REVIEW: The Wicked Cometh, Laura Carlin

Thursday, 15 February 2018

The year is 1831. Down the murky alleyways of London, acts of unspeakable wickedness are taking place and no one is willing to speak out on behalf of the city's vulnerable poor as they disappear from the streets. Out of these shadows comes Hester White, a bright young woman who is desperate to escape the slums by any means possible. When Hester is thrust into the world of the aristocratic Brock family, she leaps at the chance to improve her station in life under the tutelage of the fiercely intelligent and mysterious Rebekah Brock. But whispers from her past slowly begin to poison her new life and both she and Rebekah are lured into the most sinister of investigations. Hester and Rebekah find themselves crossing every boundary they've ever known in pursuit of truth, redemption and passion. But their trust in each other will be tested as a web of deceit begins to unspool, dragging them into the blackest heart of a city where something more depraved than either of them could ever imagine is lurking...

With The Wicked Cometh having near-universally positive reviews, I suppose this will stand as an unpopular opinion. Yeah, I’m not shocked either..
You know how some books you can hate and still understand how other people may like them? Yeah, this wasn’t one of those; every time I have thought about it since giving up on it, all I have experienced is a feeling of urgh-WHY. And this, for me, had all of the makings of a new favourite - a lesbian Victorian romance with a bit of mystery thrown in - but honestly, the romance was flat and instalove-ish, and the inclusion of the mystery made The Wicked Cometh feel like two very different books.
The tonal shift between the two main aspects of the story was just too much, and that issue was just exacerbated by the way the author chose to write the novel. Why, oh why, did they think it was a good idea to write a historical fiction novel in present-tense???? I just - I have no words. (Has anyone ever read a book written in present-tense that actually worked? Because I haven’t). It created a humongous disconnect between the reader and the narrative and was made even worse (if that is even possible) by the excessively flowery writing-style. I suppose that it was supposed to reflect the main character’s ‘good background’ and intellect, but the contrast between that and the overly-simplistic dialogue was just too much.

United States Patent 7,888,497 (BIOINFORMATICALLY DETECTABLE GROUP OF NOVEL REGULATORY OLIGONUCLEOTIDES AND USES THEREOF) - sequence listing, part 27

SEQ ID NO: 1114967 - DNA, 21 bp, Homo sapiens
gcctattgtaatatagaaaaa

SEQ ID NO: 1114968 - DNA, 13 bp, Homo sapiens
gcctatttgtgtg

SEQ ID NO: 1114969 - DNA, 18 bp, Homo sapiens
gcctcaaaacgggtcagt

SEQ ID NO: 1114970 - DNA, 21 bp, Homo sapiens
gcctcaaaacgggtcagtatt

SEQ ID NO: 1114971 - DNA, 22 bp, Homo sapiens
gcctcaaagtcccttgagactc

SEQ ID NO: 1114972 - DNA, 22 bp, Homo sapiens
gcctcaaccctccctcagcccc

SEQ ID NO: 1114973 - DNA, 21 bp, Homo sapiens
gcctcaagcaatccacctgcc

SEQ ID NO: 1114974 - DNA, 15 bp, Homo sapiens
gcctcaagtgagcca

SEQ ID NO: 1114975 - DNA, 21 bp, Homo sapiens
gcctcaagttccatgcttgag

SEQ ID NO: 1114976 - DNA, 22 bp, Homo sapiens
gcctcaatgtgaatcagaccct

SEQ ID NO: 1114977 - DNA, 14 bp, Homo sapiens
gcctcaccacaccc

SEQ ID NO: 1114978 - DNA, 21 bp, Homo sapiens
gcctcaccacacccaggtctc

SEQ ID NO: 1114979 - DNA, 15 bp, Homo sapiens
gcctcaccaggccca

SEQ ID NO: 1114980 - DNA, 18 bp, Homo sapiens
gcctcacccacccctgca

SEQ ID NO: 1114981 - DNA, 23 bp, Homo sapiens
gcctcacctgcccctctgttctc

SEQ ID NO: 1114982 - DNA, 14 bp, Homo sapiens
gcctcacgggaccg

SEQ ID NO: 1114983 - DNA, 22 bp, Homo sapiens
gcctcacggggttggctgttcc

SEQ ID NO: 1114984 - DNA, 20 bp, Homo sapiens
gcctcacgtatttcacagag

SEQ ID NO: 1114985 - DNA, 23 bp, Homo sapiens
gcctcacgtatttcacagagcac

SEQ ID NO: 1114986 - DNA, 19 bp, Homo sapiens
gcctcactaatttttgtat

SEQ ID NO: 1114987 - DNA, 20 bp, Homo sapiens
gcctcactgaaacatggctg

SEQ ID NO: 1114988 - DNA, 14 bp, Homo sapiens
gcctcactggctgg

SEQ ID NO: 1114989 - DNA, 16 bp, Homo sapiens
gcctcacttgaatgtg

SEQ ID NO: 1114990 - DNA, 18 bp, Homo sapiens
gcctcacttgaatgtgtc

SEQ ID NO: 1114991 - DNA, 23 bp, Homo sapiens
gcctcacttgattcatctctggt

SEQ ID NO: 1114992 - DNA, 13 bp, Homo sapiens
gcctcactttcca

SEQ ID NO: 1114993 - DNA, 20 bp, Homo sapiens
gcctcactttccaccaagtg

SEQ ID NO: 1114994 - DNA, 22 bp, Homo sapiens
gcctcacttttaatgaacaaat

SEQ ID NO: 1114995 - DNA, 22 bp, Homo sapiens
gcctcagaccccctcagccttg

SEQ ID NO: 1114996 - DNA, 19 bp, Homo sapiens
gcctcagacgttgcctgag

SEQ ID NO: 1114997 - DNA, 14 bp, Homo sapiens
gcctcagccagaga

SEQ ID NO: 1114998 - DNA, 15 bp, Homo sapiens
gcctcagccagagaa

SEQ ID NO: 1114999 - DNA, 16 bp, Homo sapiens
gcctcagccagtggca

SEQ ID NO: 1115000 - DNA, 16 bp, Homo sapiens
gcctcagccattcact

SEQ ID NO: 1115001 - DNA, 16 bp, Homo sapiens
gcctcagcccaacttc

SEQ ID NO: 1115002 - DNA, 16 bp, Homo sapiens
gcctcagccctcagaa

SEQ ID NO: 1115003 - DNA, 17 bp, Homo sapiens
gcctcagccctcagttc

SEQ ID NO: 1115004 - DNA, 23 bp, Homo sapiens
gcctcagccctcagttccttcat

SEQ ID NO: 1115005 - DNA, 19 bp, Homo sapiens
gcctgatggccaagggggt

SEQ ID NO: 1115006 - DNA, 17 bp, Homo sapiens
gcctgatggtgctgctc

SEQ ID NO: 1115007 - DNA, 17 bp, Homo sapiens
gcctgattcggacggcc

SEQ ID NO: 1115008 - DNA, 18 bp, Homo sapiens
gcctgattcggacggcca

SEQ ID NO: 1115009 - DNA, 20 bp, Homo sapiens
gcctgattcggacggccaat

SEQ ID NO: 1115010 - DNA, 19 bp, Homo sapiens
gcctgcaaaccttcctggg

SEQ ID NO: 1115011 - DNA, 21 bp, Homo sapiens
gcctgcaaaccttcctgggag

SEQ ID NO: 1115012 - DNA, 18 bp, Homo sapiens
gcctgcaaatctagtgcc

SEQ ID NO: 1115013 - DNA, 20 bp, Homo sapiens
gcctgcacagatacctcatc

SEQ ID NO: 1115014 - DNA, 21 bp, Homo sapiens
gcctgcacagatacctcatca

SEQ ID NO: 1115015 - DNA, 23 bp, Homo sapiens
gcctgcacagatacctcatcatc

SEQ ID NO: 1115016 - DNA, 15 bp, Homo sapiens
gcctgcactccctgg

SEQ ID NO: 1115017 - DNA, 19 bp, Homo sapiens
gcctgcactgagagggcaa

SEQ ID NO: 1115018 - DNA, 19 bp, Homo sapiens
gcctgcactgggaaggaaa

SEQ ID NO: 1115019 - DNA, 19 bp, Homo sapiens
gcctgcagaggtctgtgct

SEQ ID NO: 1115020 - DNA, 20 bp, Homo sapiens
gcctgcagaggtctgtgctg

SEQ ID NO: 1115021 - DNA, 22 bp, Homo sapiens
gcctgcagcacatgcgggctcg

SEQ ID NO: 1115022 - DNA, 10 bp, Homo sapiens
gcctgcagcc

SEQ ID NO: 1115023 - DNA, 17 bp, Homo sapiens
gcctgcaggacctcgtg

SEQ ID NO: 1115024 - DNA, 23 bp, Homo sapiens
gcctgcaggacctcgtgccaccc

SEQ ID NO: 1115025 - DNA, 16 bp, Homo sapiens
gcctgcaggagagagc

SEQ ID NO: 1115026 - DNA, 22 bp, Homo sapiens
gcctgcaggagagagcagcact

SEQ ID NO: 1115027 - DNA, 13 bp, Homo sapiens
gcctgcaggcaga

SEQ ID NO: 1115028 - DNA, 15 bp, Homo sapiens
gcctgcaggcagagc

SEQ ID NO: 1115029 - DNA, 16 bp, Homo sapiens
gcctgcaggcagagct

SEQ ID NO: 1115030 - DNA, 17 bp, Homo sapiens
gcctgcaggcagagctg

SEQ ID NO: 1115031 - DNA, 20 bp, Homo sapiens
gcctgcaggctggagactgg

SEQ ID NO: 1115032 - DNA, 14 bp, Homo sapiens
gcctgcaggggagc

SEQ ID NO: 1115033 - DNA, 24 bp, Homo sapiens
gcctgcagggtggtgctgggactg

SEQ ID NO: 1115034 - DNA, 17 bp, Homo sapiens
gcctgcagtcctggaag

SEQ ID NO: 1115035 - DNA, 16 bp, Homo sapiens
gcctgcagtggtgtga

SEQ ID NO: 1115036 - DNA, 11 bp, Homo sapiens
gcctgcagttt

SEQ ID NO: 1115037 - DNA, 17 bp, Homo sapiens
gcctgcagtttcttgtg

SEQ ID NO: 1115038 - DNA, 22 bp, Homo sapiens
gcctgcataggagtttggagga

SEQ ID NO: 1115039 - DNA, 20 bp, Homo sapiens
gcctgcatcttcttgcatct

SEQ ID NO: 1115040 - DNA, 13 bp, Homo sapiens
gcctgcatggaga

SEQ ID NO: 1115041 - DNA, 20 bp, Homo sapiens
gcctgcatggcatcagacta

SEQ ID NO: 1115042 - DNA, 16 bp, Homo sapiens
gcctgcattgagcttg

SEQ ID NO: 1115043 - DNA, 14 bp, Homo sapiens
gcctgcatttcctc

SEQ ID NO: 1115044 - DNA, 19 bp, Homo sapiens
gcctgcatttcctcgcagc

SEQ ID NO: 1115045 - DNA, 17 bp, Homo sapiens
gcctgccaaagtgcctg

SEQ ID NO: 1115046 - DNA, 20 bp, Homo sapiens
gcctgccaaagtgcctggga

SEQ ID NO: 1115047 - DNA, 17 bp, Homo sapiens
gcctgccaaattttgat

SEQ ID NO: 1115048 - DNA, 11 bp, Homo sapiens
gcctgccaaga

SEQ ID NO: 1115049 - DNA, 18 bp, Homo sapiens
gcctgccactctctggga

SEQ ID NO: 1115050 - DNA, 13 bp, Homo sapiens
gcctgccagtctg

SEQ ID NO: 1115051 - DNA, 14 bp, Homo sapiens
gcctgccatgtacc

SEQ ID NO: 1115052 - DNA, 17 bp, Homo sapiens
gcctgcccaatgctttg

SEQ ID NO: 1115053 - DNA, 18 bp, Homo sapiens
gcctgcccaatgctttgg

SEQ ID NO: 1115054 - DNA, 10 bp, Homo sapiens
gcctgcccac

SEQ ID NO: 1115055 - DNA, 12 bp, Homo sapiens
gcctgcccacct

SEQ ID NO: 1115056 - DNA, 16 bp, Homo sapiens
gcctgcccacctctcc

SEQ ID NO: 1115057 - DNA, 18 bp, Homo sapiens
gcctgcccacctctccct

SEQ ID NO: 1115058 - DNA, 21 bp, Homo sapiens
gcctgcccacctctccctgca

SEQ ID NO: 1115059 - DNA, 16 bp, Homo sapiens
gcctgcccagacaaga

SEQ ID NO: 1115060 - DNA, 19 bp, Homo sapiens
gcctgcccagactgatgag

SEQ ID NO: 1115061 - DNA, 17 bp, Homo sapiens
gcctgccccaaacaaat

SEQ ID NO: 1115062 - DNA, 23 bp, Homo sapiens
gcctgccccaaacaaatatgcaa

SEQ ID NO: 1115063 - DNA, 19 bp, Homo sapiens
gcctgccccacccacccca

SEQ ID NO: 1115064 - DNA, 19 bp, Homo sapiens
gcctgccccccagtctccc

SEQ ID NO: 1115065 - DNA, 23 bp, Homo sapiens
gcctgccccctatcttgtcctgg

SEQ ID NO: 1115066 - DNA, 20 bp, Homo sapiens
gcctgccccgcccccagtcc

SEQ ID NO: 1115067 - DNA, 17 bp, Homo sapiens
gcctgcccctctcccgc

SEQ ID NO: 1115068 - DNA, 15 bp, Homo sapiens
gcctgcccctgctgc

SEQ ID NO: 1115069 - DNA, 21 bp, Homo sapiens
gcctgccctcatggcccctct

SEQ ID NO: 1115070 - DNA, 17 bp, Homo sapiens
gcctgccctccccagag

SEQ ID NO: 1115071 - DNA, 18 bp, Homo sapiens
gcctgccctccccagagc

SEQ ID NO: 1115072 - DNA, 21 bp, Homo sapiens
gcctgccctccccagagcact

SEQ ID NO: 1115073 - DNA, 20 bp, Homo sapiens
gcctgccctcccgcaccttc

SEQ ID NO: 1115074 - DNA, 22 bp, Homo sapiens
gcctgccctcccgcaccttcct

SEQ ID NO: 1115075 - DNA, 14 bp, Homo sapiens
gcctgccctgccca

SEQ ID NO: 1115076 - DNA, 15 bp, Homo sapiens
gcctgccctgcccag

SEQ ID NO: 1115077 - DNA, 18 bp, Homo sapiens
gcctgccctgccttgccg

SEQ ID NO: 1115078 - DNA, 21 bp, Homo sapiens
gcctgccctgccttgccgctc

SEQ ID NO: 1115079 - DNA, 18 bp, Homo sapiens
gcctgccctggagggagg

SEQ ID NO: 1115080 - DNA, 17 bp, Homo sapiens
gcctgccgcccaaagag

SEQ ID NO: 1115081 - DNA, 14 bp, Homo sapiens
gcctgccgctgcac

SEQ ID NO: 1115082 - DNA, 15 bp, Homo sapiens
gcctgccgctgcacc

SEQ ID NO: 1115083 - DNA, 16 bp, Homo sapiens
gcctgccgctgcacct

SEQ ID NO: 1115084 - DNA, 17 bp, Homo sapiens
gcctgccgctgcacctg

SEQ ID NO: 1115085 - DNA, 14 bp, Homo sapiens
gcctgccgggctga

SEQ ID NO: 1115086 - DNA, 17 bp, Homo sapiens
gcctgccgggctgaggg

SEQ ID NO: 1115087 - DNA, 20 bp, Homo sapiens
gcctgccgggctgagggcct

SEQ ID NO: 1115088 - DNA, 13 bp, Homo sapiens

It also posed a problem for me, because it meant that the main character had the necessary cultural capital to be able to work her way out of poverty and that the main couple, although they may seem like it at first, didn’t cross class boundaries in their relationship. I know, I know, this may not seem like a big deal but you have to remember that, in the United Kingdom, the stratification of class is incredibly important and plays a factor in all media, either from this century or ones before it. And, despite the growing social mobility available to British citizens, back when The Wicked Cometh was set, if you were born or found yourself in poverty, you nearly-always died there.
The Wicked Cometh bypasses that, and instead makes its main character adopt a simpering caricature of the Victorian working class. She just changes her accent a bit and pretends to learn how to read, which is frankly more than a bit of a ridiculous narrative arc, and taDA, you have yourself a novel. Honestly, she is definitely leaning towards coming across as a Mary Sue, as she really doesn’t have any discernible flaws and she isn’t realistic to her environment because, despite the horrors that a real woman in her position in society would have almost certainly experienced, she remains remarkably unscarred.
And, why am I criticising the depiction of the novel’s depiction of class, I hear you ask? Because there is nothing else to criticise. 400-or-so pages and barely anything happens apart from vague mentions of people going missing and the main character falling in love at first sight with the woman teaching her to read. There is no chemistry between them, no anything, just god knows how many lines of I’m-intrigued-by-her and I-must stay-away-from-her.

Thanks to NetGalley and the publisher for sending me a copy of this book in exchange for an honest review.

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